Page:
A FISHERIES owner has set the cat among the pigeons by proposing to bring permit charges in from Easter for canoeists paddling his stretch of the River Wye between Glasbury and Hay.

Geoff Maynard, who runs his business from Llanthomas, said he has suffered long enough the downturn to his business while the number of canoeists paddling past have increased year on year as tourism on the Welsh border gains momentum.

"A narrow, shallow river housing canoes and angling don't mix," he said.

"I can't use the river for the purpose which I bought it for, it's obvious that I no longer have a fishery."

He states that the relevant authorities haven't any interest in enforcing the law which in his opinion and that of his lawyers states that there is no public right of way on the section of the river above Hay bridge.

"I've spent seven years trying to control the traffic on the Wye," Mr Maynard said. "Most daylight hours for the nine months of the year the river can't be used to fish."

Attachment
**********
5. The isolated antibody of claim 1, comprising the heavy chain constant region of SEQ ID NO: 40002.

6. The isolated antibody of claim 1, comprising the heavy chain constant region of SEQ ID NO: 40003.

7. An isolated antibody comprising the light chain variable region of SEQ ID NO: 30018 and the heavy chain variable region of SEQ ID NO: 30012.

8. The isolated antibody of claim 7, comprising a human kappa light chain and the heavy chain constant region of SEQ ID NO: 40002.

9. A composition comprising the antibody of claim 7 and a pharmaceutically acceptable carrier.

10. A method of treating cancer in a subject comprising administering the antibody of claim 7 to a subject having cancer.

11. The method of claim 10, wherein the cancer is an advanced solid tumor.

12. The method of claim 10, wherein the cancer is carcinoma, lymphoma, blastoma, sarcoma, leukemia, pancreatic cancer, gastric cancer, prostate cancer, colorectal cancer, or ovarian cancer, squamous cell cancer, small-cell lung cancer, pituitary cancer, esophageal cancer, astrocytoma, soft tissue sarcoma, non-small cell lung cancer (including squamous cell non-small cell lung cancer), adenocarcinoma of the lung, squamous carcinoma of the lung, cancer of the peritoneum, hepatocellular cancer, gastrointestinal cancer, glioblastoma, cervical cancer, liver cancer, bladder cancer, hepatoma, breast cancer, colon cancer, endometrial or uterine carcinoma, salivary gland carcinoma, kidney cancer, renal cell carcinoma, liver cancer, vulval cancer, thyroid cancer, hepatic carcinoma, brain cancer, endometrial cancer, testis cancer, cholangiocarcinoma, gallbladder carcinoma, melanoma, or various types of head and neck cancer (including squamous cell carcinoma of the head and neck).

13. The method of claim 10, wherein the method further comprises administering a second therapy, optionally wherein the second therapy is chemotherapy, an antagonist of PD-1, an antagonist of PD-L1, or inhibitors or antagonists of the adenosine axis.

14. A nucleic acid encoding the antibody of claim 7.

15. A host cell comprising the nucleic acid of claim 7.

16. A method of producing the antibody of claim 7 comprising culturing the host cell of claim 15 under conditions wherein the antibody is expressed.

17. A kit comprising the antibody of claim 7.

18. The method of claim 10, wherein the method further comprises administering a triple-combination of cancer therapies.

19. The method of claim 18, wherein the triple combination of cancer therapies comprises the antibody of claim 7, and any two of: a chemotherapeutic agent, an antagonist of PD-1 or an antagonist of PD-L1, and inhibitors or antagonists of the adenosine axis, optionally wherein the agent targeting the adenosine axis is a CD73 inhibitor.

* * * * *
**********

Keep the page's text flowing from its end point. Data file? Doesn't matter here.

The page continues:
A meeting convened in Hay by Powys County Council to review the arrangements for launching canoes above the bridge at Glasbury saw Mr Maynard announce his intention to charge paddlers passing through his fishery with effect from April 2.

Canoe Wales believes that there is a Public Right of Navigation on this stretch of the Wye and that Mr Maynard has no right to impose such a charge. However, this has not been confirmed in law.

If the situation remains unresolved then organisations, groups and individuals using the river will need to decide whether to pay Mr Maynard's charge if using his stretch of river.

"I have no intention of charging local people," Mr Maynard confirmed, "but 85% of the traffic on the Wye is day tripping canoe-hire customers paying around £50 a trip, destroying the ambience and ecology of the River and turning it into a theme park.

"My aim is to raise awareness so that the Authorities take notice and this is the only way to bring it to their attention. The other course of action would be to close the river which would be extreme."